I'm not sure what's happened to the hair. Perhaps it's not magnetic enough.
On a more sensible note, it's a rare privilege to be offered such an unsual perspective without having to endure the worry of a suspected illness. I thought I'd be repulsed by the physicality of seeing the ghost in the machine, but my brain seems to like looking at itself. It's a funny thing.
I've been thinking a lot about the brain recently, as I have started playing the piano again after a break of 30 years and it's extraordinary how many pieces of music have come back to me - not just the notes, but also the fingering. All of that information, lying dormant in a cluster of neurons.
The pieces I enjoy playing most are some arrangements by Bartok based on Slovakian folksongs. They're relatively simple pieces, written for children, but are a pleasure to play because they're quirky and unpredictable, with exotic harmonies.
Here's a 51-second clip of one of them. Needless to say, this isn't me playing. My version would be lento:
When not playing Bartok, I've been trying to get out as much as possible and make the most of what's left of the summer. Last week, I took my wife and sons out after dark to a remote car park in Ashdown Forest where, after checking that it wasn't full of people dogging, we watched the Perseid meteors light up the sky.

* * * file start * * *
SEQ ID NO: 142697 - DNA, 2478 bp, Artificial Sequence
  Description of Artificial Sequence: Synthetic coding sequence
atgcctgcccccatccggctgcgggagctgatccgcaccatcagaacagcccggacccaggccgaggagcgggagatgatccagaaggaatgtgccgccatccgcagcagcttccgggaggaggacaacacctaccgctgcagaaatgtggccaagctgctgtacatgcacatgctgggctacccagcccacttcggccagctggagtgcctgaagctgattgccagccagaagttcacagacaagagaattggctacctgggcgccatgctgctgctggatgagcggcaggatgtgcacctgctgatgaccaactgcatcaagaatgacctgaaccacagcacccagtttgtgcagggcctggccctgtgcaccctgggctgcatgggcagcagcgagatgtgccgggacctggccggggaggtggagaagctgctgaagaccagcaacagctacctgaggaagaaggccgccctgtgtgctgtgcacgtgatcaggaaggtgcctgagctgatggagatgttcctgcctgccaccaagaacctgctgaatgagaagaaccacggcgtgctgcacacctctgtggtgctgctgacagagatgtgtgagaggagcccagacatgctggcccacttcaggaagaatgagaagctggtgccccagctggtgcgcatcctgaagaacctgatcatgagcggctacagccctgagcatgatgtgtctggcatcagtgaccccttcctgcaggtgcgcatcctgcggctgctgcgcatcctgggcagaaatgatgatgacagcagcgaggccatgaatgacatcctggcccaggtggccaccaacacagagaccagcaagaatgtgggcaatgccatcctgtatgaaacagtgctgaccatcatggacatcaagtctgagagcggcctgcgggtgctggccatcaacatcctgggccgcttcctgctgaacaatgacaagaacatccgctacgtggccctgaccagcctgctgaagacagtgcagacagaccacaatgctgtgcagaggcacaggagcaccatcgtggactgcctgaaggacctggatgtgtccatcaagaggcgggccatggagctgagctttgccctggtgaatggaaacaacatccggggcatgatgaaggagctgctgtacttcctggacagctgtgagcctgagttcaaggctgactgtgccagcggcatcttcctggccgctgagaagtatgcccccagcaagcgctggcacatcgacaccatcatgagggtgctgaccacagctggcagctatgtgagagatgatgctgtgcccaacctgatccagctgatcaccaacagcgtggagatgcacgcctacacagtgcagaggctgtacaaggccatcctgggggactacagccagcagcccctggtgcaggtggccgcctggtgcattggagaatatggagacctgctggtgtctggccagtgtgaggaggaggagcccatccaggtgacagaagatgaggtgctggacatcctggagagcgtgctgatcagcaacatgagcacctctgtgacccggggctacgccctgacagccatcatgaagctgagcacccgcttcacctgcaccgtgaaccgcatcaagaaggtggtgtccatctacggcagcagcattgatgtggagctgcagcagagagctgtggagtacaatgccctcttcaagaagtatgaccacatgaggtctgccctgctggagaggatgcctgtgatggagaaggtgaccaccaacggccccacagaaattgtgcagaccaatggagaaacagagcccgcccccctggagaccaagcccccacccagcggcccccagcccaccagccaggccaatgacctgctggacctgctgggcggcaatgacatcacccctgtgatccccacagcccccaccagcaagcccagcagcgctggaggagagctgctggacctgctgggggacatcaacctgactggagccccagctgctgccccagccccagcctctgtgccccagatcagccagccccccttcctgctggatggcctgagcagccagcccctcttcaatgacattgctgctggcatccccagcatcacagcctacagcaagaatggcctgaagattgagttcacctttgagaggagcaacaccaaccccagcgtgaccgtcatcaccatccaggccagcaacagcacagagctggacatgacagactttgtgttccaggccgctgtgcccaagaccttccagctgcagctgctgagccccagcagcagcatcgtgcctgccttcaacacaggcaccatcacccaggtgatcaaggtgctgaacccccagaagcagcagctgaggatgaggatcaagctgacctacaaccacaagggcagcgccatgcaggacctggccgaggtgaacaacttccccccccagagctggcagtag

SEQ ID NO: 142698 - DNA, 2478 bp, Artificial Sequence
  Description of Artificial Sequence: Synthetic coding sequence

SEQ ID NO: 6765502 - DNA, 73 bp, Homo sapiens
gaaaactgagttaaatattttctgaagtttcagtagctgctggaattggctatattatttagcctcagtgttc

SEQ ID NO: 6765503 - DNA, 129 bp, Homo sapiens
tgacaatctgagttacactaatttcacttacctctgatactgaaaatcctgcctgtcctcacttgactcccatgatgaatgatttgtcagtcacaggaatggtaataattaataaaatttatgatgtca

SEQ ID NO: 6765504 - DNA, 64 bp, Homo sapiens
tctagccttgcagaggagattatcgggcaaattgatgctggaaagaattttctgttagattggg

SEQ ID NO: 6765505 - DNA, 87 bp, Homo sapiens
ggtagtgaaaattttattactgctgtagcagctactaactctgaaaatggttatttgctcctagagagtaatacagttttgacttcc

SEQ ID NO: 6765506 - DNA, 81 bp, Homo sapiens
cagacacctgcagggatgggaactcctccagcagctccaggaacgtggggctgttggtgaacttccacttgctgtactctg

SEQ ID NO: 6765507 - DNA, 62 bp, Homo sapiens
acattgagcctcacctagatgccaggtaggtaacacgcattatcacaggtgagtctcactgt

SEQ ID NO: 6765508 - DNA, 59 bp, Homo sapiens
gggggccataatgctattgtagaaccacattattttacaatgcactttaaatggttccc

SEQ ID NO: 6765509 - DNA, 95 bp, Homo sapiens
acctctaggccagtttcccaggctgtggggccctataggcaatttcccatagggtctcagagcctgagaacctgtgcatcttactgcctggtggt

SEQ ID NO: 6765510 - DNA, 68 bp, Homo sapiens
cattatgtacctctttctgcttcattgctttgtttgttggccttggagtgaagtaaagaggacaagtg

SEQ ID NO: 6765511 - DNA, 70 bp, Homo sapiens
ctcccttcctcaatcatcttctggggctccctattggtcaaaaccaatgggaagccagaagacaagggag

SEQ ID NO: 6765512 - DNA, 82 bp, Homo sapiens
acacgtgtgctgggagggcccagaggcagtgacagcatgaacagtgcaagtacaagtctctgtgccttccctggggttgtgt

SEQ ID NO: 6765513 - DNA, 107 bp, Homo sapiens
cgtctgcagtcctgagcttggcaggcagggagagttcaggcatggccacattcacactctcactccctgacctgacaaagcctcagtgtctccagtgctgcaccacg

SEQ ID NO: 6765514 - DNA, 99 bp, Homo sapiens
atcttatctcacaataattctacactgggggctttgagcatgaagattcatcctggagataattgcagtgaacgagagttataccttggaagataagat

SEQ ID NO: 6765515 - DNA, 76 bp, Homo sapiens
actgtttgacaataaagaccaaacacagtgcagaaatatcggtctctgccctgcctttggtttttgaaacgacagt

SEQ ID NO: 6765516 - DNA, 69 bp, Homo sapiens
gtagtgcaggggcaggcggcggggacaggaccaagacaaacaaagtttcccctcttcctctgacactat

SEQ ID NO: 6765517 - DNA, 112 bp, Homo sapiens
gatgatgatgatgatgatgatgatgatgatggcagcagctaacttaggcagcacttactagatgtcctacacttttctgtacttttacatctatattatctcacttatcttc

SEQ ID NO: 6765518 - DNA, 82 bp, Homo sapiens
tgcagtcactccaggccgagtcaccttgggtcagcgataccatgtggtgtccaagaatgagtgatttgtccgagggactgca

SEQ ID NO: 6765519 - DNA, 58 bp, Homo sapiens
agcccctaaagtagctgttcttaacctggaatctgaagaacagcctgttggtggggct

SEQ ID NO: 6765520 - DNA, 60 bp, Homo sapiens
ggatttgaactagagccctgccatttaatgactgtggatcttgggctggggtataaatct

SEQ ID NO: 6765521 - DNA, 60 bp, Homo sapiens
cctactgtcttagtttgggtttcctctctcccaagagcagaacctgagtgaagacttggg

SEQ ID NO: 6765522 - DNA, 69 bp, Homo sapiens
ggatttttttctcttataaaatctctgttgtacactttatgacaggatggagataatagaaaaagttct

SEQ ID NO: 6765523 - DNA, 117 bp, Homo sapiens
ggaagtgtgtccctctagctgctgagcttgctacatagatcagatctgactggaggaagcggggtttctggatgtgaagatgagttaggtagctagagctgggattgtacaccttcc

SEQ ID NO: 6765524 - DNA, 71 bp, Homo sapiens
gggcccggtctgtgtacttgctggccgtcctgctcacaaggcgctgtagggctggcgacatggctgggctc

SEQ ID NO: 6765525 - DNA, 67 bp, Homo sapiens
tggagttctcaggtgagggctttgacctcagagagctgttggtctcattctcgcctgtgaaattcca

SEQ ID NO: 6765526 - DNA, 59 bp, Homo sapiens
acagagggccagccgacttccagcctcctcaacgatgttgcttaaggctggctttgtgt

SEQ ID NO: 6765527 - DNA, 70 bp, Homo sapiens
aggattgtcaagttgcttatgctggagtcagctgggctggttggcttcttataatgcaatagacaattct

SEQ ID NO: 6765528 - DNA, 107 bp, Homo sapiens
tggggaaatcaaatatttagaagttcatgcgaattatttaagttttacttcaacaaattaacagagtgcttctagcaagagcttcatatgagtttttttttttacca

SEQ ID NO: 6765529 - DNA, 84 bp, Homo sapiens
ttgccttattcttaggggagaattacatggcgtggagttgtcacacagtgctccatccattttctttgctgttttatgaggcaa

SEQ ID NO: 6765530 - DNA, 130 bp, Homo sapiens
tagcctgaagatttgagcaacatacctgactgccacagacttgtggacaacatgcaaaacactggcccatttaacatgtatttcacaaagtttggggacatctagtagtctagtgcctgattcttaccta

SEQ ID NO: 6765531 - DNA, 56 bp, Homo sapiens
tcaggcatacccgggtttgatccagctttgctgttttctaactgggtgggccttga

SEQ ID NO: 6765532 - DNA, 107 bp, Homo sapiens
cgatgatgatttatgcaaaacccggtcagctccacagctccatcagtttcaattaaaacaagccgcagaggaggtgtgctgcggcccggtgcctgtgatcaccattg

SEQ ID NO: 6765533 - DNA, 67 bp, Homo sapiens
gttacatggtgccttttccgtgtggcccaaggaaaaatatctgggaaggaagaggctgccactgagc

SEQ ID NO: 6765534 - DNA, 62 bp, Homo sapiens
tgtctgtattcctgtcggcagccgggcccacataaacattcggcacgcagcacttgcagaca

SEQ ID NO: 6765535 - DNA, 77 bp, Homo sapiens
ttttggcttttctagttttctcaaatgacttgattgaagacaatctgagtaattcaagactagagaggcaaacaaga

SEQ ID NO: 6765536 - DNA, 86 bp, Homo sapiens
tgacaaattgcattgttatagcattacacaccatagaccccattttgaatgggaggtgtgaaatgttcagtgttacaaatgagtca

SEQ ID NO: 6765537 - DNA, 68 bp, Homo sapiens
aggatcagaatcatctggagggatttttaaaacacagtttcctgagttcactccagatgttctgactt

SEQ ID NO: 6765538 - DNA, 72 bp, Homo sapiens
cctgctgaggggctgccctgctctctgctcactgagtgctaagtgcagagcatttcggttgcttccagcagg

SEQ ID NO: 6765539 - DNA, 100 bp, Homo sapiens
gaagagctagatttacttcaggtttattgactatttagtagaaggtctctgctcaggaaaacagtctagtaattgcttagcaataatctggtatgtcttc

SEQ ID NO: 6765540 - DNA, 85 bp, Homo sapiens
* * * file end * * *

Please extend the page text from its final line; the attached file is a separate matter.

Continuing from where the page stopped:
The first two meteors were tiny little flashes and we ooohed and ahhhed politely, feeling slightly disappointed, then suddenly a bright ball of fire streaked across the sky, leaving a trail of smoke in its wake, followed by a faint smell of gunpowder. At this point, my younger son buried his head in my lap and said that he was worried about being blinded.
I knew it was a mistake to let him watch The Day of the Triffids.
Later in the week we drove to Beachy Head, to watch the Eastbourne Airshow.
After half an hour, I went off to some bushes near the cliff edge to answer the call of nature and quickly looked around to check that the coast was clear. Suddenly, I heard a roar and a Vulcan bomber appeared right in front of me, emerging from underneath the cliffs. Sadly, I wasn't holding my camera at the time:
In other news, my book shed has a new addition to its menagerie of animals:
A man at a Finnish academic library recently returned an order to me because of a "possible microbial infection". He'd bought the 70-year-old book, which had been advertised as being in fair to good condition, for £6. To me, it just looked like a book that had been read a few times, but was still in pretty good shape.
What was he expecting for £6? Perhaps I should throw in a toad next time.